News - August 1, 2017

YOU on campus – less work, more volunteering

Didi de Vries

The university campus is quiet during summer, but that does not mean nothing is happening. Annemerel Mol is a PhD candidate in Environmental Technology; she is carrying out research into organic desulphurisation of natural gas and biogas. Starting this month, she will work four-day weeks instead of five.

© Didi de Vries

She does not yet know how she will spend her additional day off. ‘I have an old barstool at home that I’ve been wanting to sand and varnish for a while. That might be a fun first project.’ During her master’s in Biotechnology, Mol organised music events for Popcultuur. ‘But I have no trouble thinking of other fun things that I would like to do. It would seem fun to join the board of my volleyball association, for example, or to work with refugees or do some other volunteering. As a volunteer, you get to help the world toward your image of perfection. That is what I like most about it.’

Table tennis table
It is clear Mol is at ease in organising in the workplace as well. It is thanks to her that a table tennis table was set up in the garden of Axis two months ago. It has become a connecting element between the various departments in the building. To strengthen the gesture, each department was given a set of table tennis rackets. ‘It is quiet in summer, but I believe the table is still used every day.’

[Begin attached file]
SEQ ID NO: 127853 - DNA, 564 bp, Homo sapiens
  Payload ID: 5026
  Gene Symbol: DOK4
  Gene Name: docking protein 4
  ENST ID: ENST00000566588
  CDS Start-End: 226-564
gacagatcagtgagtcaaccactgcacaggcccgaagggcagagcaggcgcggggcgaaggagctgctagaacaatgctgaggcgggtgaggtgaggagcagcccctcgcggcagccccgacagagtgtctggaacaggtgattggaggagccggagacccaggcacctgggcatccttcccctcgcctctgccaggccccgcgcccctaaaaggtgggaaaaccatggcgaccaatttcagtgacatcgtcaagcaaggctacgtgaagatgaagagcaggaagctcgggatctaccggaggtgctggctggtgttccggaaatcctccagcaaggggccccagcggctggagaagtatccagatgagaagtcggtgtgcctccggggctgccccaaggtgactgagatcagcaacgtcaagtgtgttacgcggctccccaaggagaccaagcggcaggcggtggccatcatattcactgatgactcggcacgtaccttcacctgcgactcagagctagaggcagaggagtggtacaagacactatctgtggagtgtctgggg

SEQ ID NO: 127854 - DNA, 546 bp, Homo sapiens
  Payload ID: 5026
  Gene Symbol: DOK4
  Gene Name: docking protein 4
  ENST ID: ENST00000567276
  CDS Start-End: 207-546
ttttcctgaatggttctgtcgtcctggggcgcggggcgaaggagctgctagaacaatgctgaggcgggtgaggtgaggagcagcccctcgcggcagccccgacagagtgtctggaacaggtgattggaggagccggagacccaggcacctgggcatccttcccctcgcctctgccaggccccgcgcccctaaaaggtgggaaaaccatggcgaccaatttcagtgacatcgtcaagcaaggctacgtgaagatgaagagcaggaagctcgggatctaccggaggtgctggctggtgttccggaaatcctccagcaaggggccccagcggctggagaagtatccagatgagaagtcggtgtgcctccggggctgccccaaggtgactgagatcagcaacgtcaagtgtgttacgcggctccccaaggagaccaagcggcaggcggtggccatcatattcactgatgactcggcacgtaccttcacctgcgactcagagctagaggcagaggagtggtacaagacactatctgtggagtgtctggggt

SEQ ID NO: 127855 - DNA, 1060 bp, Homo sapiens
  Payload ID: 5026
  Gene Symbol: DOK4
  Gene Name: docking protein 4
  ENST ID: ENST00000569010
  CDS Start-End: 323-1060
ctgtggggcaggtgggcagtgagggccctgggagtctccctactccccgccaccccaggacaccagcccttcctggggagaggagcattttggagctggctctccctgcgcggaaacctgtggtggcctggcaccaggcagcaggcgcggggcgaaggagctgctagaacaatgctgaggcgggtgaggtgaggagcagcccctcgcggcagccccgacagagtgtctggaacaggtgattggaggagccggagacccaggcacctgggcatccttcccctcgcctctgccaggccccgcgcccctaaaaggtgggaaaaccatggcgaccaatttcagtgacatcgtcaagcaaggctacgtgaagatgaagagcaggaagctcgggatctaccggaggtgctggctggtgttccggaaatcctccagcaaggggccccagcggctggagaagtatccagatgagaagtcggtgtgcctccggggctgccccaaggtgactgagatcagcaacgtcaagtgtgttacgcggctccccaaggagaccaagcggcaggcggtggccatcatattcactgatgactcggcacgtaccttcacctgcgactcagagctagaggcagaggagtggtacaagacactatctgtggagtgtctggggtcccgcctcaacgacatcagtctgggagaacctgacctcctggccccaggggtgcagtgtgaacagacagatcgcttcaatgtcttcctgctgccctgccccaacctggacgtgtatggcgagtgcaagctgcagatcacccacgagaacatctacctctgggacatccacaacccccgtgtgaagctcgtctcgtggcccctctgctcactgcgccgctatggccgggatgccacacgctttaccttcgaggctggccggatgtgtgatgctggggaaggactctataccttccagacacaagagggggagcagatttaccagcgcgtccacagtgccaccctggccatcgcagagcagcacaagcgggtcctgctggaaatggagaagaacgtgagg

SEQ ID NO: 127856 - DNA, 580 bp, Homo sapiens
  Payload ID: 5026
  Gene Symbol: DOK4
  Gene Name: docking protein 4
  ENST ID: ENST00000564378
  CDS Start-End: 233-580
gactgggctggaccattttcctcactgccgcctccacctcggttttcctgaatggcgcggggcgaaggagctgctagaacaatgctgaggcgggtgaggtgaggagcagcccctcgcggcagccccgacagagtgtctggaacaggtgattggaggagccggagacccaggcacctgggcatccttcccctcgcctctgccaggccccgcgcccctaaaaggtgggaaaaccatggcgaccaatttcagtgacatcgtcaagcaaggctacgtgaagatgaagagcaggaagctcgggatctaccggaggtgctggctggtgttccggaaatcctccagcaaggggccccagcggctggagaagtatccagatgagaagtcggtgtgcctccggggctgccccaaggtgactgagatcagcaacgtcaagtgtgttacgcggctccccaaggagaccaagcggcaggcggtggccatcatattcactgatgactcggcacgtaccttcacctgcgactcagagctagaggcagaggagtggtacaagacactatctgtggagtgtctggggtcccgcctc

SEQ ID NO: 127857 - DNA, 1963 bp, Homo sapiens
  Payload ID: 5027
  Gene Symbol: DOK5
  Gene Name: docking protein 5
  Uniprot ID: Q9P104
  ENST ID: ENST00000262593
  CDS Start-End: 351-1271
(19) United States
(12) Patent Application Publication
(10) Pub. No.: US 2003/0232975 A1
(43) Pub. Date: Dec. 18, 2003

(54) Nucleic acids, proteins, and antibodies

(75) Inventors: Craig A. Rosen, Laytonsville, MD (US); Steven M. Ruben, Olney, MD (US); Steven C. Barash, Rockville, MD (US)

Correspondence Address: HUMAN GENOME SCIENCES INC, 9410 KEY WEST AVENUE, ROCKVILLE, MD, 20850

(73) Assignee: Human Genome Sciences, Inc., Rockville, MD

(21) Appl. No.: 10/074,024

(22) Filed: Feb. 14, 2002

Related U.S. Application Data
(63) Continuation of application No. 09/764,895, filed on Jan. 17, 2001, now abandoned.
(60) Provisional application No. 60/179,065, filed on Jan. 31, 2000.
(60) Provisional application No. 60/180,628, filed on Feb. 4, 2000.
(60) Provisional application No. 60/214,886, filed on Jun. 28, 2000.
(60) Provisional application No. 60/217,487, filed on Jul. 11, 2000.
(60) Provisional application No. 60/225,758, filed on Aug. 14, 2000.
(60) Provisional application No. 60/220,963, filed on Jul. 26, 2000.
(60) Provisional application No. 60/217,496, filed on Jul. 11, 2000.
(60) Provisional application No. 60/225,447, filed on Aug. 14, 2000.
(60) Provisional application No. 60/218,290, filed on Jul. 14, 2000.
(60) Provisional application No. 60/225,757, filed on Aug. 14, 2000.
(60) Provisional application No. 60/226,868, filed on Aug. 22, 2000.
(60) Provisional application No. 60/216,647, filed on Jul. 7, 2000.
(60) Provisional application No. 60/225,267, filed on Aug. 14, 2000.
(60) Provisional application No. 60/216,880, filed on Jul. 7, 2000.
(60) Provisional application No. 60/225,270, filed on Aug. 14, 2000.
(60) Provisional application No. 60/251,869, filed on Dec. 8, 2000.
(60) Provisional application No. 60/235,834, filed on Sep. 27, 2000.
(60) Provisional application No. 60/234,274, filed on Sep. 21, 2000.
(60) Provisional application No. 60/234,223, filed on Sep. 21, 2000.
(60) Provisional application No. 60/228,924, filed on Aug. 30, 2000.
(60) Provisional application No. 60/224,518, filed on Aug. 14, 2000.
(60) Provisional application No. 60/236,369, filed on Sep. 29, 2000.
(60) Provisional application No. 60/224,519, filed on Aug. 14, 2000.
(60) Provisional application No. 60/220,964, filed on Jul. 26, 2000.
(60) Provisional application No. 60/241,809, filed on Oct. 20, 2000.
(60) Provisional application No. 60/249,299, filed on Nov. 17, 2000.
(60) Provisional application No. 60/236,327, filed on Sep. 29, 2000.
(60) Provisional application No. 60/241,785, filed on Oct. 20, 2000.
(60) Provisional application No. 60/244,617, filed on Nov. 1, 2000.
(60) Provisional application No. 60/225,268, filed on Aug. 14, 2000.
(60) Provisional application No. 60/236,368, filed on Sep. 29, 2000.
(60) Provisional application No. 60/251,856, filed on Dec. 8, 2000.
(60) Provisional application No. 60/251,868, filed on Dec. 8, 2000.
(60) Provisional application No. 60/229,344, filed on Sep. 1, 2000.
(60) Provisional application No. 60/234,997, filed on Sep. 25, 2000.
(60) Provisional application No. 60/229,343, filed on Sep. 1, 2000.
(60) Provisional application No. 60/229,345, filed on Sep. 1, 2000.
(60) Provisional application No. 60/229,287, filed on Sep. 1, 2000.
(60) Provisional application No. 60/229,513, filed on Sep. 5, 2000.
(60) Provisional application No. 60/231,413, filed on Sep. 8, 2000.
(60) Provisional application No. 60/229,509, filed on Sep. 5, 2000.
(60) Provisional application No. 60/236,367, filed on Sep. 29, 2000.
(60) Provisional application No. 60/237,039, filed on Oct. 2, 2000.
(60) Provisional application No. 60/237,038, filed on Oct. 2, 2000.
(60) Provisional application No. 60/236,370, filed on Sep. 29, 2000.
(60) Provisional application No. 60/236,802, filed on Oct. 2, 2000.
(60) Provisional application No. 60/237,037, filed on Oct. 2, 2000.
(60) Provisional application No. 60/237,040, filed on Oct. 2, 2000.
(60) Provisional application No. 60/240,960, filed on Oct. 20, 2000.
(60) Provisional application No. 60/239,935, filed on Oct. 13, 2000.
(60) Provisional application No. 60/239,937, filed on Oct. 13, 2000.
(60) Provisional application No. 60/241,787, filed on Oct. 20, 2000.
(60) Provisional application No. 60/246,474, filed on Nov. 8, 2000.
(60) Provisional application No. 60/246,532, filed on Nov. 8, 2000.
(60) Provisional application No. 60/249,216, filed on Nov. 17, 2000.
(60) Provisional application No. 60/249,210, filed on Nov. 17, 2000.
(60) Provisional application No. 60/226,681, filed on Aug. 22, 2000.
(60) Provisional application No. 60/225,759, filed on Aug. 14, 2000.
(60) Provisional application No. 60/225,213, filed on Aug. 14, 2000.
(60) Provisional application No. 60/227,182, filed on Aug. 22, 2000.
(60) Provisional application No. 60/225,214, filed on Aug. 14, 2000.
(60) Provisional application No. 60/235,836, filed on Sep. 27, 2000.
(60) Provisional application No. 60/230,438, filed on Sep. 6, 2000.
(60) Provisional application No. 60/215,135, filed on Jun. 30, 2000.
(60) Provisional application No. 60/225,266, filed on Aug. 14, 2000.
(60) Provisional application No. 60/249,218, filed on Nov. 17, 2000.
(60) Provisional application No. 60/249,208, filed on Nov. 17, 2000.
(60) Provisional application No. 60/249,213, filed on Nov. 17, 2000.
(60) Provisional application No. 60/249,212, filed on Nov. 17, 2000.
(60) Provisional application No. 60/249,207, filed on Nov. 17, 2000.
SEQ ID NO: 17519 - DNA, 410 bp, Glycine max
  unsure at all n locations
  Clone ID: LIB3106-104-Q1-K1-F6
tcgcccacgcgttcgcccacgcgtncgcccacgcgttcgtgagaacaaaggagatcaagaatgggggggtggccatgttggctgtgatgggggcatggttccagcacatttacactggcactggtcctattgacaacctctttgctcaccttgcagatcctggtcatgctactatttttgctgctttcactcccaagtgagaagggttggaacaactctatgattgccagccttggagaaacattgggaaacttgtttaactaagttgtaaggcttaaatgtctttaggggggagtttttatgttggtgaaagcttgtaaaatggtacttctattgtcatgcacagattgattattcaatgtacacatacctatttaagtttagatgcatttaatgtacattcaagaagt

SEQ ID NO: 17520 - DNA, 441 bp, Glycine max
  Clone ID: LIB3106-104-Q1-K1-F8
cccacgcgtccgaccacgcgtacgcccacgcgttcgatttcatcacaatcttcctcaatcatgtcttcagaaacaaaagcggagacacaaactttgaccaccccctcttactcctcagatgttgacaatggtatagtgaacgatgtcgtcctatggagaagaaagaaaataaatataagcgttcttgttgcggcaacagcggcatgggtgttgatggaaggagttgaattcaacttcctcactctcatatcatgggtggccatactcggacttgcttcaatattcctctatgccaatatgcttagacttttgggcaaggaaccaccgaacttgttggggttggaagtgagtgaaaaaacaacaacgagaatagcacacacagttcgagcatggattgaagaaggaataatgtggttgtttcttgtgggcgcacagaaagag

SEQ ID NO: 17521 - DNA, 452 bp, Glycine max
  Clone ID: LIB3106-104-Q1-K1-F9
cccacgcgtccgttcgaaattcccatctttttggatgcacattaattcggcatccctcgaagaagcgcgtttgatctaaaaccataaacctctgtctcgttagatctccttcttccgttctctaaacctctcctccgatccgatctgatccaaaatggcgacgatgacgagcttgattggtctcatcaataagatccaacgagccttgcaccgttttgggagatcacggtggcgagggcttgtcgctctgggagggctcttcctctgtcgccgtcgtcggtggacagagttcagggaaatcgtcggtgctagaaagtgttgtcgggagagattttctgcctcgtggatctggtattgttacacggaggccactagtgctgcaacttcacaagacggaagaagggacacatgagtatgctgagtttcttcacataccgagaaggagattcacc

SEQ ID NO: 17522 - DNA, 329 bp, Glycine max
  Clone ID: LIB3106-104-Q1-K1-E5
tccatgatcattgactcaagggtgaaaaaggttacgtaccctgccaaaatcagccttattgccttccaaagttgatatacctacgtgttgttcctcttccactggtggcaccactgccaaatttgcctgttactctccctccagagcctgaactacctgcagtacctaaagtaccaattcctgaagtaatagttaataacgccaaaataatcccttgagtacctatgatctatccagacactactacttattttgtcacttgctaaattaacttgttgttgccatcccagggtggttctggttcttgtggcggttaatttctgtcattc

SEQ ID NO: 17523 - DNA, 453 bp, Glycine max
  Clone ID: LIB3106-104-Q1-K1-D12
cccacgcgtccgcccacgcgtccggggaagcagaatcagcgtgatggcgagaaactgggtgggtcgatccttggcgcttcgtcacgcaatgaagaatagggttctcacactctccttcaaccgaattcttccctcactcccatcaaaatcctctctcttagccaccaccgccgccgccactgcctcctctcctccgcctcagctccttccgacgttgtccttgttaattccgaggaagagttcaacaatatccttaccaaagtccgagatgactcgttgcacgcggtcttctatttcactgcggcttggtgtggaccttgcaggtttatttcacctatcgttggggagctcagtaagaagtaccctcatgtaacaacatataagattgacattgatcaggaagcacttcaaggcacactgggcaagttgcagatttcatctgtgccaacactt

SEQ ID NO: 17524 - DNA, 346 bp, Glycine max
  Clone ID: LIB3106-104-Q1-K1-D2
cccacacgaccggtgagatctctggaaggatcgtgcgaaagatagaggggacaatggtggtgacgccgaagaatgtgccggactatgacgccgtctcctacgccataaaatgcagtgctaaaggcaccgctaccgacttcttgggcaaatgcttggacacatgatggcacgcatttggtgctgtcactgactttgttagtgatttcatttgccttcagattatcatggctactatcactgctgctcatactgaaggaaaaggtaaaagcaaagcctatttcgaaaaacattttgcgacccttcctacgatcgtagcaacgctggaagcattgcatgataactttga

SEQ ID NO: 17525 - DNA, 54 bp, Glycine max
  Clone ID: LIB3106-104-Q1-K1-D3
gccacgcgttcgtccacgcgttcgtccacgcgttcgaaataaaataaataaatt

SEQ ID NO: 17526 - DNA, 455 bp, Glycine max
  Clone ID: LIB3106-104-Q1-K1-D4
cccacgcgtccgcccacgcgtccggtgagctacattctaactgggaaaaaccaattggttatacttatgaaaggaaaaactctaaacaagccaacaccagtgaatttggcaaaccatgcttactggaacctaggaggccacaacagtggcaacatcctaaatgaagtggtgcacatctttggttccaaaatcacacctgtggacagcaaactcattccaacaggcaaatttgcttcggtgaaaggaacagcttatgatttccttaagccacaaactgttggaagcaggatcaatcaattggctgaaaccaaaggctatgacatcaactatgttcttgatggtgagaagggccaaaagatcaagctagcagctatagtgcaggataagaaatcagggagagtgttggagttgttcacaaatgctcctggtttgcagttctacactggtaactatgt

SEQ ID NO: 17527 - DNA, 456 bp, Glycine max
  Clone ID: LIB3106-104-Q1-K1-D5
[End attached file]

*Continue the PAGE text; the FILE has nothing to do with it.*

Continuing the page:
As a volunteer, you get to help the world toward your image of perfection.
Annemerel Mol

Mol is just as enthusiastic about her work. Her research is on organic desulphurisation of natural gas and biogas. The gases contain both sulphur and sulphide. ‘That causes it to smell like rotten eggs, but also makes it toxic and corrosive; it should therefore be removed before the gas is usable.’ One method to do this is using bacteria. Large companies such as Shell already use organic desulphurisation. Through her research, Mol ensures the technology will become more efficient.

She does not mind that she works with companies that extract fossil fuels for her research. ‘Gas is widely used in the world, and we cannot simply switch to a mode of life without gas from one day to the next. Of all fossil fuels, gas is the least polluting, so I do support making a conservative industry a bit greener through this research.’

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